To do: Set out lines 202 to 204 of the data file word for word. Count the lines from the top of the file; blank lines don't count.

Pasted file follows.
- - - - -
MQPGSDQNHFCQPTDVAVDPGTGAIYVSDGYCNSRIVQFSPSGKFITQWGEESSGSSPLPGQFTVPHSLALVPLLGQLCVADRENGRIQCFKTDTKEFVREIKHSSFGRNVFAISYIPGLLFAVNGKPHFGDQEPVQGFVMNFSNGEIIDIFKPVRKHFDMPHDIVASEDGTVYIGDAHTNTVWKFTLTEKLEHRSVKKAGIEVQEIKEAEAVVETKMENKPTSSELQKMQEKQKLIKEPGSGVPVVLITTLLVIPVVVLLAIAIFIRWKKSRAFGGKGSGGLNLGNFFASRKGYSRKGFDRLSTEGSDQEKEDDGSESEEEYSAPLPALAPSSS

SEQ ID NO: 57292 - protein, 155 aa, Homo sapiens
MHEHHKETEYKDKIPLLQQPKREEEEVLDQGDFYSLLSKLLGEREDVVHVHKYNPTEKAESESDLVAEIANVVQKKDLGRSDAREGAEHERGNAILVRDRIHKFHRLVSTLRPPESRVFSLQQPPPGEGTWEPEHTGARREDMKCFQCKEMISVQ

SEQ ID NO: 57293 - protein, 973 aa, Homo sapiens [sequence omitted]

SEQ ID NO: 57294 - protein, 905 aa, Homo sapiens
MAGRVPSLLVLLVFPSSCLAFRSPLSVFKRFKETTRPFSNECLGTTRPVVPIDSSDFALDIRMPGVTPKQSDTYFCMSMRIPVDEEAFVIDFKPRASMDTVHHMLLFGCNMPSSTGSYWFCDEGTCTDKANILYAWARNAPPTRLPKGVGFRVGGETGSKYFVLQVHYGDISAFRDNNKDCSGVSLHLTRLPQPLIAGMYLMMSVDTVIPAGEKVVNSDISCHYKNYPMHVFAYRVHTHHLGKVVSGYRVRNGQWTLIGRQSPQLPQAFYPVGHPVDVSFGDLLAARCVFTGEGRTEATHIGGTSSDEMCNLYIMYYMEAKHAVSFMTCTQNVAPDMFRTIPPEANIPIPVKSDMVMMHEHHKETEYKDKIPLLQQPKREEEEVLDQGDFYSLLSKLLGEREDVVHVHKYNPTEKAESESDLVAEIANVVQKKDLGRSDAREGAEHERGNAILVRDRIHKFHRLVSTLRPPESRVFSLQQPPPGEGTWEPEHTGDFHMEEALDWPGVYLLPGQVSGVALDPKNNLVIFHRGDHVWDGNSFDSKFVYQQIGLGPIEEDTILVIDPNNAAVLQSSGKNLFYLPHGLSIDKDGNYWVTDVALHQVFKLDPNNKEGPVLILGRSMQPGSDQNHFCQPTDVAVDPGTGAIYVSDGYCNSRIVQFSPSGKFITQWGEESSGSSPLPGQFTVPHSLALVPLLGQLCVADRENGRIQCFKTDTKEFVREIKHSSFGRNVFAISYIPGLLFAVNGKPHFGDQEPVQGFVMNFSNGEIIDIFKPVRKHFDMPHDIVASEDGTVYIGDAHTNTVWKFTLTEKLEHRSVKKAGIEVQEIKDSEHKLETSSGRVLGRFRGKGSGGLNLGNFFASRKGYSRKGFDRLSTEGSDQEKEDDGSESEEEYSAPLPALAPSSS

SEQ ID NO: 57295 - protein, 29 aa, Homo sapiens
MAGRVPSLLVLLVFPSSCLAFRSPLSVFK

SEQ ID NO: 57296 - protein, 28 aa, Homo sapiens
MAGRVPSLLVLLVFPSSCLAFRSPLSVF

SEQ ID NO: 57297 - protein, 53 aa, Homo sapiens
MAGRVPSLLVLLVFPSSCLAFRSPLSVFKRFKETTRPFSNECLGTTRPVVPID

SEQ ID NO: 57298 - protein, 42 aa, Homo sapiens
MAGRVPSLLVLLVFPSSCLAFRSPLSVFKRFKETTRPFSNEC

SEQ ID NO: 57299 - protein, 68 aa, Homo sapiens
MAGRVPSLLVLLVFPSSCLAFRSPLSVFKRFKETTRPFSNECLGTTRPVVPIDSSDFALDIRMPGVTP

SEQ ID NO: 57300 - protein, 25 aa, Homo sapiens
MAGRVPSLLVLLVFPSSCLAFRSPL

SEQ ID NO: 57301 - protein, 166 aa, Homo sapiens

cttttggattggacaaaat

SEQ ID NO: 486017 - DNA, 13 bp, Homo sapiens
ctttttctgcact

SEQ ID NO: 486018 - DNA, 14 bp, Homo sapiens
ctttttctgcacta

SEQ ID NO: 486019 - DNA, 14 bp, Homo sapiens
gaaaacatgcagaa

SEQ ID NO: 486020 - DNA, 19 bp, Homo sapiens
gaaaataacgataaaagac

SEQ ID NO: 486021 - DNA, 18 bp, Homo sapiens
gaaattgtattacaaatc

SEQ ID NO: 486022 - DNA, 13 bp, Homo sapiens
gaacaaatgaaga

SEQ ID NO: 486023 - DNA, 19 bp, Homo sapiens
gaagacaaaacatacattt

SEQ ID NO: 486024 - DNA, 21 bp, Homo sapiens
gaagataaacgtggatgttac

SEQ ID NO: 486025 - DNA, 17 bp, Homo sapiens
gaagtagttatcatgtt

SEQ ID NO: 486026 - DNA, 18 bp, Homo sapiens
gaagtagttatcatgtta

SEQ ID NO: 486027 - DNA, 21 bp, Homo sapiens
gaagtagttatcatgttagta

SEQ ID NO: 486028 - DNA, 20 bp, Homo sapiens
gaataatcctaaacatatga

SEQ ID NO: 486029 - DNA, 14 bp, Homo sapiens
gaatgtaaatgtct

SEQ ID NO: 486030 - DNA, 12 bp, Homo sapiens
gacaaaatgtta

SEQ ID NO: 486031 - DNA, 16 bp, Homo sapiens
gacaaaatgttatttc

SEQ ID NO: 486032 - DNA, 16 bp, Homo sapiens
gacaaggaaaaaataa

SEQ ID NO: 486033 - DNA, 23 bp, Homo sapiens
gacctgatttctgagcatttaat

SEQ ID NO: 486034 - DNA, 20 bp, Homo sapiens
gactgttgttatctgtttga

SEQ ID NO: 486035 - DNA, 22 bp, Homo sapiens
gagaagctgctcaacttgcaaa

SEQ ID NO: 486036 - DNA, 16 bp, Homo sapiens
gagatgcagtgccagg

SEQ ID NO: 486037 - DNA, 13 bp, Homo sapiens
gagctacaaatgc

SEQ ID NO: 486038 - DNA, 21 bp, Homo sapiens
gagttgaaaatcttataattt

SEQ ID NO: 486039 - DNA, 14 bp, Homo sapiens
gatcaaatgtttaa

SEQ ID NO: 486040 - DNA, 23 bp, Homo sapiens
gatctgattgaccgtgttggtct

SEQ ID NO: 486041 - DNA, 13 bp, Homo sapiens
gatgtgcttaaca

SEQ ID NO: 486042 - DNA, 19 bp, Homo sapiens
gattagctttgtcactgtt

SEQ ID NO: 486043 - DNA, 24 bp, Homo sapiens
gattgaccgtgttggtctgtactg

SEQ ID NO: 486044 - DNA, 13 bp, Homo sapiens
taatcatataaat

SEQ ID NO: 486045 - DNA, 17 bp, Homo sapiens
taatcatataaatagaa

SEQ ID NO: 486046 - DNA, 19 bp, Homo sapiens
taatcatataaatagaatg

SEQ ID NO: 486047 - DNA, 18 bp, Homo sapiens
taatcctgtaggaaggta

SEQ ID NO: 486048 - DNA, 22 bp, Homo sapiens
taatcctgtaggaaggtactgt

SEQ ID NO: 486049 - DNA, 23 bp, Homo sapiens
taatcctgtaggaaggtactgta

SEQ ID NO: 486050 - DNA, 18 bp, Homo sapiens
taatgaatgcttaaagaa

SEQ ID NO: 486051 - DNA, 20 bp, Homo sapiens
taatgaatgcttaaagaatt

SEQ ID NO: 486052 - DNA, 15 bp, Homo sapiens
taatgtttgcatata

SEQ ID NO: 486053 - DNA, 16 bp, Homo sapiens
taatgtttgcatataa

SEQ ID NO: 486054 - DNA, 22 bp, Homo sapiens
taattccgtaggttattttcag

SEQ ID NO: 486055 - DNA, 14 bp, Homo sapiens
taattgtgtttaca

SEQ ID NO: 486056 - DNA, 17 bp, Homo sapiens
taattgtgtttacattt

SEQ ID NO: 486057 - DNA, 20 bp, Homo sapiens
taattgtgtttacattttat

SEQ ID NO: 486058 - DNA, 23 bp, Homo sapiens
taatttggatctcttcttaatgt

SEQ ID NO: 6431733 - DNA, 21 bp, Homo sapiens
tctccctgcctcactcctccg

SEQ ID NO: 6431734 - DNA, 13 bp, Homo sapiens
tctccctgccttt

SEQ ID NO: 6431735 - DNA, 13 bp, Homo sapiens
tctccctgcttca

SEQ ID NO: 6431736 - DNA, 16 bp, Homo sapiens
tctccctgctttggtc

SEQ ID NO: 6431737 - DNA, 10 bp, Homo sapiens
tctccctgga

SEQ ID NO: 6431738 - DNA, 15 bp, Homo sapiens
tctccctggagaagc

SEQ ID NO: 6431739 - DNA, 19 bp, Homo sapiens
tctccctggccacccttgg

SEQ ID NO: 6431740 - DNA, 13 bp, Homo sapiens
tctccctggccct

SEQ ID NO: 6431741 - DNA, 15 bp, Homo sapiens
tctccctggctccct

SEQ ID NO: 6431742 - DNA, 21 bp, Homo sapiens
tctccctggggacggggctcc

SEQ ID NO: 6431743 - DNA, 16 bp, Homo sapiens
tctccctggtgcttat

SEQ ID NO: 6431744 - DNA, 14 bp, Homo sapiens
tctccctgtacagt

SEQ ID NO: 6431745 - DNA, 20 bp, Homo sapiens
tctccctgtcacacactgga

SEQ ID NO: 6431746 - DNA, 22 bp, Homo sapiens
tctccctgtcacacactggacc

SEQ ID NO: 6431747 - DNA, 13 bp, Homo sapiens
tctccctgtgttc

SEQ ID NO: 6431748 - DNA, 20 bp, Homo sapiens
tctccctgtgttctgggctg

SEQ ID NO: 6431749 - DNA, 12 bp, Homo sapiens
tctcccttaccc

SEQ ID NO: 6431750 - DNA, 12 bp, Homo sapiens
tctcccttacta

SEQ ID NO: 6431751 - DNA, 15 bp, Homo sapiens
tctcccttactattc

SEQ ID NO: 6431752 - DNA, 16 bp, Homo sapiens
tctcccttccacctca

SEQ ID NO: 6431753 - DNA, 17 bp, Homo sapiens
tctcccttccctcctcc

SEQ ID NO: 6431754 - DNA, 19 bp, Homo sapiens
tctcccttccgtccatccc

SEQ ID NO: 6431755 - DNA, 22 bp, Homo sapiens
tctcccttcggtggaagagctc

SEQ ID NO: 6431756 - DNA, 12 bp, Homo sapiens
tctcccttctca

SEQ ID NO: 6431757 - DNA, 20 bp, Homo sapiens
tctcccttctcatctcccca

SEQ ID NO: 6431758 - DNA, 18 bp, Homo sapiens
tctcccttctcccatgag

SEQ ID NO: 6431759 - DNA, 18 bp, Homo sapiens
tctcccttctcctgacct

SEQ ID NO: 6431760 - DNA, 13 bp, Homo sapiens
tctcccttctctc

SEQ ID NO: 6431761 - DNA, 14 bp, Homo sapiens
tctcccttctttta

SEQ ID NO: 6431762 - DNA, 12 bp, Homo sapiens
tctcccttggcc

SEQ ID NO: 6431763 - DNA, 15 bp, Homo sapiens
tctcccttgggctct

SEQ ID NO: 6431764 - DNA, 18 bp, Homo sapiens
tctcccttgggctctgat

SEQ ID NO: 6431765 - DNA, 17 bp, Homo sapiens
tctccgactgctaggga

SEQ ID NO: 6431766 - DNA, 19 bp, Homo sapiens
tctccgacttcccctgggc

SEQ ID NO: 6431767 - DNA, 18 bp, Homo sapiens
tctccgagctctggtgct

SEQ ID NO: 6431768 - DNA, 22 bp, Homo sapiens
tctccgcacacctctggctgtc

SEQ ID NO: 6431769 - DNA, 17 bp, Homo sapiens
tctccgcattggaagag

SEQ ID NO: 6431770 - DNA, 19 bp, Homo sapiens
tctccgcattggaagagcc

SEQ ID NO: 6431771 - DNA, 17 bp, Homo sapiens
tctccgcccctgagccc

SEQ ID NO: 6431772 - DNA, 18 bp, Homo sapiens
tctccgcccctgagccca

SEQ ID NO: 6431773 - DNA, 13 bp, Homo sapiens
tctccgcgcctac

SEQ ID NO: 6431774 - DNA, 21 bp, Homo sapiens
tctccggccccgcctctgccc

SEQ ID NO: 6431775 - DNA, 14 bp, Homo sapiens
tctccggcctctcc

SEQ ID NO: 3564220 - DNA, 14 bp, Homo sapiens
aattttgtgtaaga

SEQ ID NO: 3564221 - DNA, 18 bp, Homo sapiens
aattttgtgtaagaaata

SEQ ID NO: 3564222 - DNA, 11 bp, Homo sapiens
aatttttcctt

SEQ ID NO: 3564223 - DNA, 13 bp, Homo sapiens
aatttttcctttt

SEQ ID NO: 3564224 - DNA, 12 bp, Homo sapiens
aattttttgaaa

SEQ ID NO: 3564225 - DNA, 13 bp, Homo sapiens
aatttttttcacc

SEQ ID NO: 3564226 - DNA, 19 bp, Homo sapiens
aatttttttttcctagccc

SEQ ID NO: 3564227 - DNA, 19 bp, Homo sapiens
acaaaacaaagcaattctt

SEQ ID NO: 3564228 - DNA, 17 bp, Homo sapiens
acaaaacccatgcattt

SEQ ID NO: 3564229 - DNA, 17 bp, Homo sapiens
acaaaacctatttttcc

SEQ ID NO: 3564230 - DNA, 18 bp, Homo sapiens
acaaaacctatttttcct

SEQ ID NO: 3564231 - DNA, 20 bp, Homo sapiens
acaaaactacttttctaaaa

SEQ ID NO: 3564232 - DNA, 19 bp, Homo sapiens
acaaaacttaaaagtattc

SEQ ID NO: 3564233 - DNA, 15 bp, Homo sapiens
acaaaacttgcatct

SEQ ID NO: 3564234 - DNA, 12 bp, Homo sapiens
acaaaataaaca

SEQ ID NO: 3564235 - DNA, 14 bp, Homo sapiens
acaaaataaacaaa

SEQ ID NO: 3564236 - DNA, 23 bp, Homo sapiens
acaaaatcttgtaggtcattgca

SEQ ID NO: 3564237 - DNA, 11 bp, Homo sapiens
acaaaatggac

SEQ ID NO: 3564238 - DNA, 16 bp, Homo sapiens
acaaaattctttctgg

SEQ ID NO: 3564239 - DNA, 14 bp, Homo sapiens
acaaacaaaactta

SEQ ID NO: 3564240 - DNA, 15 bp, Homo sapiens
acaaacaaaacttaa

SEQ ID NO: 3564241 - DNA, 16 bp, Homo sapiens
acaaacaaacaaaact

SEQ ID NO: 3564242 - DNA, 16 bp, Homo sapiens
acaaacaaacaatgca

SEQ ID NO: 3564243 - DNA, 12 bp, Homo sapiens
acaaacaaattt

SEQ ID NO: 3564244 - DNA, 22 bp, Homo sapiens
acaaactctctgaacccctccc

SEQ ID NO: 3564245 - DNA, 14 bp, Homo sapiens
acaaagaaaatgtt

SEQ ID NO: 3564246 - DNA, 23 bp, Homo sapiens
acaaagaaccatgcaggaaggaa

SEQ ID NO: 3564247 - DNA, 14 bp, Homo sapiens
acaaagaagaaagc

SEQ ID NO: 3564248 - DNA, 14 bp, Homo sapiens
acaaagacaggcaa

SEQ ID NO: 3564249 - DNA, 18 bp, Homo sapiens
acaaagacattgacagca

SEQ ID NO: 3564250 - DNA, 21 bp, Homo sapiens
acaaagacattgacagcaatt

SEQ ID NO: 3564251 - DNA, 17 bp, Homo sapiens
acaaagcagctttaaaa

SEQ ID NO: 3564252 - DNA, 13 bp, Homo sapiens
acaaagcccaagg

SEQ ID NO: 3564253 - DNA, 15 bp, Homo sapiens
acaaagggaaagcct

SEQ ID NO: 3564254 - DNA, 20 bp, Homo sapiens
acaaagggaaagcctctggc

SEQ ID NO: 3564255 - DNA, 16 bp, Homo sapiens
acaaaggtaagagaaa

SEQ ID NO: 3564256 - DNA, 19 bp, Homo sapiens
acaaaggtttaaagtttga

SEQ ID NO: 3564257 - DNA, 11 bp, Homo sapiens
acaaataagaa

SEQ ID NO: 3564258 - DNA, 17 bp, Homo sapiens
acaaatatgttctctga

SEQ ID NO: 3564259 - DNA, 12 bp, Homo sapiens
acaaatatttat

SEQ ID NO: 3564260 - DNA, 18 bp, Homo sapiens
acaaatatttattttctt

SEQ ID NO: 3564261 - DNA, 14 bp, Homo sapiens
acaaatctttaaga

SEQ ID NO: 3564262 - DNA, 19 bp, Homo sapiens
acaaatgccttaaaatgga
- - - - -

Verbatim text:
aatttttttcacc

SEQ ID NO: 3564226 - DNA, 19 bp, Homo sapiens
aatttttttttcctagccc